Below: A shot I took of one of the rarest vintage aircraft in the world, as it flew over LBI recently. It's the Ford Trimotor, also called the "Tri-Motor", and nicknamed the "Tin Goose". Per Wiki, the American three-engine civil transport aircraft began production in 1925 in Henry Ford factories, ending on June 7, 1933. A total of 199 of them were made with scant few still in flight. Trying to get info on where this one is hangered.
Below: Tog teeth jewelry?
Tuesday, September 15, 2020: Crazed times are upon me – though I enjoy occasionally rushing in here to chat with all y’all.
As my grandma would say, “I’m running around like a chicken with its head cut off,” which is yet another down-on-the-farm image that formerly landed hard on my easily influenced pubescent mind. Hearing it so much, I truly dreamt of headless chickens, though my dreams had them running around just fine, as if heads were a superfluous appendage.
Back to my initial crazed-times premise, I’m feeling the effects of a slow-to-depart postseason. I'm seeing it an anecdotal light.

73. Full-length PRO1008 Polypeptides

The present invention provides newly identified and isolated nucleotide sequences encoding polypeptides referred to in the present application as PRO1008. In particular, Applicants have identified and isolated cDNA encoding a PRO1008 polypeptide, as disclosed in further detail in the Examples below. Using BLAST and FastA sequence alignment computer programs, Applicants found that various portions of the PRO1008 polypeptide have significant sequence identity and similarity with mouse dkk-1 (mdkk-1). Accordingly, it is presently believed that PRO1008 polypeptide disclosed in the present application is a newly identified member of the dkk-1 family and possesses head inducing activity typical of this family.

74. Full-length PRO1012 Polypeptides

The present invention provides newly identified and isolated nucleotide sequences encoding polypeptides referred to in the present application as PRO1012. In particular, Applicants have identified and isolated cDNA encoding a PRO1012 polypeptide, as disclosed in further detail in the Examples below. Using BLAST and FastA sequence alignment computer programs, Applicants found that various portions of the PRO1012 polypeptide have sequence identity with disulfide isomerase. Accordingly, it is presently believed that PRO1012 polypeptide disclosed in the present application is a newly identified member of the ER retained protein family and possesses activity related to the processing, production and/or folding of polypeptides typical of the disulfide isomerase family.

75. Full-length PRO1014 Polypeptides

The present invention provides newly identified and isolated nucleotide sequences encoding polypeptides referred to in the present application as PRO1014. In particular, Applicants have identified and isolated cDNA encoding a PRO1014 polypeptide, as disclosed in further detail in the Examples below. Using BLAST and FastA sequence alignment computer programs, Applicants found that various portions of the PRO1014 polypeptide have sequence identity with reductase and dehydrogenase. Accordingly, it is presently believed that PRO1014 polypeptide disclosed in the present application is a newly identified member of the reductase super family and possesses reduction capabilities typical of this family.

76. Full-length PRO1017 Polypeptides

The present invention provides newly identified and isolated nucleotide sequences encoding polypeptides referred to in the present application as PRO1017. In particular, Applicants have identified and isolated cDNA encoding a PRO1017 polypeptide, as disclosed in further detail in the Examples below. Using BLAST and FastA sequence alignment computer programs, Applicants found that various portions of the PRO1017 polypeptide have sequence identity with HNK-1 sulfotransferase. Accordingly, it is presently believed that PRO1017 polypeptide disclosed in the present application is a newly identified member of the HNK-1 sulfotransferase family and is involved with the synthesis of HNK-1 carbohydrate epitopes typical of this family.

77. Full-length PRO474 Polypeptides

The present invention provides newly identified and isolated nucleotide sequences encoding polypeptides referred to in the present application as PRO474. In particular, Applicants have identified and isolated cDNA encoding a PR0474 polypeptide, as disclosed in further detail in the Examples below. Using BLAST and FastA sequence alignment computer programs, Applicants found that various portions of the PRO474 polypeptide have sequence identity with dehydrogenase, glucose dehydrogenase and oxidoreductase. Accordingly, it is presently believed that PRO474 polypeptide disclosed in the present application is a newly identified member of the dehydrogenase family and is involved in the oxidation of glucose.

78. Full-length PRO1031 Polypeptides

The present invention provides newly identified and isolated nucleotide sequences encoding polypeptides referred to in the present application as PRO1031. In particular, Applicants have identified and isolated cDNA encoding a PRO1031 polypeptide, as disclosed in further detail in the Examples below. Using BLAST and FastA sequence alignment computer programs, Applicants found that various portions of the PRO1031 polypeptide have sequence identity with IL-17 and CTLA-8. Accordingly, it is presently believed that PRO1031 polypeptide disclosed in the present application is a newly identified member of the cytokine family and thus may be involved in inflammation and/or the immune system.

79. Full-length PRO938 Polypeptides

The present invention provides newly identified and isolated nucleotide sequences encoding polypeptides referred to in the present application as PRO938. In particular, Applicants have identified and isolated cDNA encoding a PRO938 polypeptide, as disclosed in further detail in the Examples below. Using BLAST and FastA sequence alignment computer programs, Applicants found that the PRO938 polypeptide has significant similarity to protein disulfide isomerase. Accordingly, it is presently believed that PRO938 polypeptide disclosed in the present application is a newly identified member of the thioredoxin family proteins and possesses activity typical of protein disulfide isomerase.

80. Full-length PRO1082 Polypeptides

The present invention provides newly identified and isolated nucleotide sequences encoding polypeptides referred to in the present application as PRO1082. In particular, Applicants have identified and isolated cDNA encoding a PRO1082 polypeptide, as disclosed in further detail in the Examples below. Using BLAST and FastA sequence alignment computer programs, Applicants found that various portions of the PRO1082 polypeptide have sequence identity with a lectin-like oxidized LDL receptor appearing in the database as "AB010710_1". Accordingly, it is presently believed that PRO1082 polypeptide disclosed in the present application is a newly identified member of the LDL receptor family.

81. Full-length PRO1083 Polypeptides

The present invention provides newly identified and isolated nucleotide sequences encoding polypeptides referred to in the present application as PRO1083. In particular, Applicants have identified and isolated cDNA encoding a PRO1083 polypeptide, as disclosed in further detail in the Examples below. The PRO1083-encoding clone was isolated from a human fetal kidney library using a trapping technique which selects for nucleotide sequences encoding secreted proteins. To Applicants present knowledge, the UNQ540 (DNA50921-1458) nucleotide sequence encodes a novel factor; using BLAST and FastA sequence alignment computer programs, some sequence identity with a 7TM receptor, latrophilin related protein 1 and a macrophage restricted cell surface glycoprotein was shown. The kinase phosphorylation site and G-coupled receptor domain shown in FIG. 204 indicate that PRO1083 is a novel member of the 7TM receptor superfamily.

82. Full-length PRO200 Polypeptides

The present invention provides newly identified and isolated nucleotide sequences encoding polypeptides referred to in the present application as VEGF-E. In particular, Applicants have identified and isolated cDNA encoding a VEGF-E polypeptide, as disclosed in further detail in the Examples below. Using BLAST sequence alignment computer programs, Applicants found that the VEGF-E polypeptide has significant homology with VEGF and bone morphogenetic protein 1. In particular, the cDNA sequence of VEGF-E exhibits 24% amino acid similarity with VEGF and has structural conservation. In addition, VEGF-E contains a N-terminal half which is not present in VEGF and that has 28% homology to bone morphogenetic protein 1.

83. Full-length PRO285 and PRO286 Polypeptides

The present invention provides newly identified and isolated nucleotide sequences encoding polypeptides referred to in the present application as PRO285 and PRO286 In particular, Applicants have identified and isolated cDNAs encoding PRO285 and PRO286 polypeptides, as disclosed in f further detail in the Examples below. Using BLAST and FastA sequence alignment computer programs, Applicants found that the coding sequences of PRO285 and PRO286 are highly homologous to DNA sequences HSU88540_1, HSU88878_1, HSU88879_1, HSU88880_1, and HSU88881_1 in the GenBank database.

While anecdotal can’t launch a rocket, it can readily indicate more folks are hanging on the Island than one can shake a stick at – yet another adage repeatedly used by my grandparents, as if they were intentionally talking in some sort of code meant to elude my immature brain. I saw nary a single shaking stick throughout my growing up stint.
I use an eyes-on anecdotal methodology to tabulate the people count hereabouts. As I now routinely drive the vehicle-laden Island –which is part and parcel to my headless chickenliness – I take ganders down east/west side roads, noting the number of parked vehicles. I'm clearly registering a heavy load of vehicles, all representing hangers-on who have usually dearly departed for “back home” by now.